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Weekly Drash - Behar

Compliments of First Fruits of Zion
reprinted by permission of FFOZ

Behar : בהר - “On Mount Sinai”
Torah : Leviticus 25:1–26:2
Haftarah : Jeremiah 32:6–27
Gospel : Luke 21-22

Thought for the Week:
(An excerpt from Torah Club)

The Torah says, “You shall then sound a ram's horn abroad on the tenth day of the seventh month; on the day of atonement you shall sound a horn all through your land. You shall thus consecrate the fiftieth year and proclaim a release through the land to all its inhabitants. It shall be a jubilee for you, and each of you shall return to his own property, and each of you shall return to his family.” (Leviticus 25:9-10) The Jubilee trumpet is an eternal call to freedom and an enduring hope for the future. We long to hear the Jubilee trumpet of Messiah.

The Torah Mirror
(Based on Torah Club)

Just as at Mt. Sinai the trumpet blast called the redeemed community to the mountain and to the Torah which was given there, so the trumpet of the Jubilee Year also calls us back to our roots of freedom. In the Jubilee, slaves are released. The slave is free to be who he really is—a man who serves only His God. The land is also free to be identified with its rightful owner, the Lord God of Israel.

This helps us to understand the words of James. He encourages us to remember to follow the Torah. He compares the Torah to a mirror. If a person reads the Torah and does not do what it says it is like one who looks into a mirror, walks away and forgets what he looks like. (James 1:22–25)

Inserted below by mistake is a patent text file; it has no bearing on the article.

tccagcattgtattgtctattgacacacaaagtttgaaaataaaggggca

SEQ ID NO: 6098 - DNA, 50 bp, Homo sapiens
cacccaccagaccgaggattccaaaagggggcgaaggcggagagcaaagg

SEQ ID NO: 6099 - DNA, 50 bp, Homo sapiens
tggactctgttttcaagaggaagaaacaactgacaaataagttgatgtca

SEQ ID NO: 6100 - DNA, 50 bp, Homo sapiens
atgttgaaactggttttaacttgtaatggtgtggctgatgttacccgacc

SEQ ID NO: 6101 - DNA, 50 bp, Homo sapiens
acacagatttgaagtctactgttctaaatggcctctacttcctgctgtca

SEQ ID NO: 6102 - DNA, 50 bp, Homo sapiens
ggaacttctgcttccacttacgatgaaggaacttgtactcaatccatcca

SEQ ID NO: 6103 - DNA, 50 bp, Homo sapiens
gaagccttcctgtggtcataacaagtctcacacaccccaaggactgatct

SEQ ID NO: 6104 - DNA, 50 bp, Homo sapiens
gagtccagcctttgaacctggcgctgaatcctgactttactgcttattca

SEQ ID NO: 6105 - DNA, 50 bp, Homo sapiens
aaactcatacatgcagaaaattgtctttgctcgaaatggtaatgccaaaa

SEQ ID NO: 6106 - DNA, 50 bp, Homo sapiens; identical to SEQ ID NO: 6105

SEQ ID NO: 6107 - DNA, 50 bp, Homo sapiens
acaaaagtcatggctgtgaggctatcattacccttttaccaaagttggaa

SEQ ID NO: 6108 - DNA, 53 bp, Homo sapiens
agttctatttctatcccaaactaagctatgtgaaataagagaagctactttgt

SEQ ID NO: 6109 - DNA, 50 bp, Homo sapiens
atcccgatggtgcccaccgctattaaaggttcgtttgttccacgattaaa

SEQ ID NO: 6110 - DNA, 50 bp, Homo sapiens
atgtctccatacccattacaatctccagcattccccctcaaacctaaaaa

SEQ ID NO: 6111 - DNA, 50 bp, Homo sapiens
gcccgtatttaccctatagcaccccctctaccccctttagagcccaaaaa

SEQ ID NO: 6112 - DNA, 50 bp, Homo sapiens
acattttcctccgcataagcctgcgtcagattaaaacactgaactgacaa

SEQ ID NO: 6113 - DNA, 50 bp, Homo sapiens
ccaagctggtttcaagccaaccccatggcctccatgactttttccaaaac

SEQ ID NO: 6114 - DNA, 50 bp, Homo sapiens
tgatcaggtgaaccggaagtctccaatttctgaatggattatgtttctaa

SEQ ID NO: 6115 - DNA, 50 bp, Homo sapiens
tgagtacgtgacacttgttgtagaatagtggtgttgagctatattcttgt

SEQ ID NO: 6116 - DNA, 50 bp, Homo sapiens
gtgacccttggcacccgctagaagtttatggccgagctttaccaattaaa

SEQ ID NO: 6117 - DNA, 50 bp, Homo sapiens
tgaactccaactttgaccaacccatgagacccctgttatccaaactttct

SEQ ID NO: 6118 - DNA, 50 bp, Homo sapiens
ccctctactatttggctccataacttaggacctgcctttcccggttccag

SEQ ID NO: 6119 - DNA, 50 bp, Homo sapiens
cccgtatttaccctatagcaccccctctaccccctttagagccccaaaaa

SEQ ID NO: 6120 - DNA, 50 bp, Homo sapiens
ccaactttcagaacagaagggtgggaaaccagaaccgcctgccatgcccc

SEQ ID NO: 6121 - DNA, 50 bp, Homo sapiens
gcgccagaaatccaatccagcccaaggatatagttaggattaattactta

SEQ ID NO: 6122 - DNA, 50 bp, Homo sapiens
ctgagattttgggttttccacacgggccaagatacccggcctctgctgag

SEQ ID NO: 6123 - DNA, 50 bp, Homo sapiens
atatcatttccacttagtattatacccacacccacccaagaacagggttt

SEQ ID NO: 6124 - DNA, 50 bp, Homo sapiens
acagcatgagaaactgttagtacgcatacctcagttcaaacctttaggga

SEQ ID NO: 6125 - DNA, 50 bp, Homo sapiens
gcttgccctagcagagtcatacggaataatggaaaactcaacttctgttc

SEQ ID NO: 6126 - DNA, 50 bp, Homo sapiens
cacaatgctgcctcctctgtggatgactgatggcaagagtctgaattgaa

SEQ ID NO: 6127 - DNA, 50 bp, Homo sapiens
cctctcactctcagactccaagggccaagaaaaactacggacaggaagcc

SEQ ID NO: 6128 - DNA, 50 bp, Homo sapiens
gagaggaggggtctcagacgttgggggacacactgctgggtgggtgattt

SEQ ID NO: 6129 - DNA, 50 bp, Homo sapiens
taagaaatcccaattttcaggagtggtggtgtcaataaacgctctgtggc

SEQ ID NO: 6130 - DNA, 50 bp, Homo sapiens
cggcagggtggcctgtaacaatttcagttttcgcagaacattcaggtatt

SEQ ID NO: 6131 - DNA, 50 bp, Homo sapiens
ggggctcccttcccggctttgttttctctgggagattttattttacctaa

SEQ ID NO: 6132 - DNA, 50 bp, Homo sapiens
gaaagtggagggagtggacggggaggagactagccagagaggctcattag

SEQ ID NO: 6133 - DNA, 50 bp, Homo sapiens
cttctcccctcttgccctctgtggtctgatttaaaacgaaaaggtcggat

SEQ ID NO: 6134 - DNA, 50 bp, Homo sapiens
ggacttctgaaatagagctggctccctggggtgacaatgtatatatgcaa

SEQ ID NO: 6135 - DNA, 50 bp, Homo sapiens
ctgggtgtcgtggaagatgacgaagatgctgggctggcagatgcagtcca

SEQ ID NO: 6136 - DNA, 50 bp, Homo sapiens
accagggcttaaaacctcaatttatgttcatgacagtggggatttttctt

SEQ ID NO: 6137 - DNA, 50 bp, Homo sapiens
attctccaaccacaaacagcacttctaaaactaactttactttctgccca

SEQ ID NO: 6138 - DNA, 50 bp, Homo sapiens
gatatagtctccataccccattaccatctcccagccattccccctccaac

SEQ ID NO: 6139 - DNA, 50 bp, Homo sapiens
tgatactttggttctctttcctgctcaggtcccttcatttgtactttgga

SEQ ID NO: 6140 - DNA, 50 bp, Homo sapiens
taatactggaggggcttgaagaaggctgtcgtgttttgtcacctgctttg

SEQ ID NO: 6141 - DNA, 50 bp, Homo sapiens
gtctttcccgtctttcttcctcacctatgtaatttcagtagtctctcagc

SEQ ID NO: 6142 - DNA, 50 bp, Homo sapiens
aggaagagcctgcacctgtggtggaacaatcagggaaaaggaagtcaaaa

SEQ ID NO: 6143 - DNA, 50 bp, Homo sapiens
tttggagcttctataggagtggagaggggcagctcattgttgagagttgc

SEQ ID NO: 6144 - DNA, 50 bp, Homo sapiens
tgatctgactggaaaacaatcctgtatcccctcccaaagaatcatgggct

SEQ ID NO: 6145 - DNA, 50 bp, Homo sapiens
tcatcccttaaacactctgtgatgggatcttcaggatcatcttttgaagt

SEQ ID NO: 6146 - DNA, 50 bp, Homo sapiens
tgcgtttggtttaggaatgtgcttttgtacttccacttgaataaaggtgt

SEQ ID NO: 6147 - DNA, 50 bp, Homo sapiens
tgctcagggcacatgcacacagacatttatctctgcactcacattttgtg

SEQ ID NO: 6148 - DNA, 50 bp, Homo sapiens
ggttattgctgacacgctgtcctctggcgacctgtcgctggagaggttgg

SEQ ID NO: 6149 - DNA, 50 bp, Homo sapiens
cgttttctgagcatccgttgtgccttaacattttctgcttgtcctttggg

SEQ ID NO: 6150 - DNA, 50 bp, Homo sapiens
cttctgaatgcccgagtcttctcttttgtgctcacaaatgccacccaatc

The Torah is actually a description of what the righteousness of God looks like on planet earth. We also know that we who are a New Creation in Messiah have been made the righteousness of God in Him. Therefore, the Torah is said to be a mirror in which we can see what the new “me” looks like. I need to know what I look like in order to know how to behave in order to be consistent with who I now am.

In this analogy, James refers to the Torah as the “perfect Torah that gives freedom,” freedom to be who we are now. Why does he refer to the Torah as that which gives “freedom?” Many people teach that anyone who follows the Torah is in bondage! If we import our knowledge of Leviticus 25 and its teaching about the Jubilee Year into James chapter one, the answer is clear. If Torah is followed with the proper motives and in the power of the Spirit of God, it enables us to walk a walk of freedom! It gives us the freedom to be who we now are as new creations, as redeemed people, as servants of the Holy One of Israel! (See also Galatians 2:20 and II Corinthians 5:17.)

Shall we take this even one step further? James does. He says in James 2:12, “Speak and act as those who are going to be judged by the Torah that gives freedom.”

He is exhorting us to follow the Torah, as he and his followers all did. He tells us that the Torah may function like a judge for us. It will ask us, “Did you believe the Good News of the Living Torah, Yeshua the Messiah, and therefore live it out?” Did you believe the “mirror?” Did you remember what you looked like in the mirror, or forget and live like something other than what you really are—a new creation child of God?

Shavuah Tov!
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FFOZ's Weekly e-Drash is based on our popular Torah Study Program,
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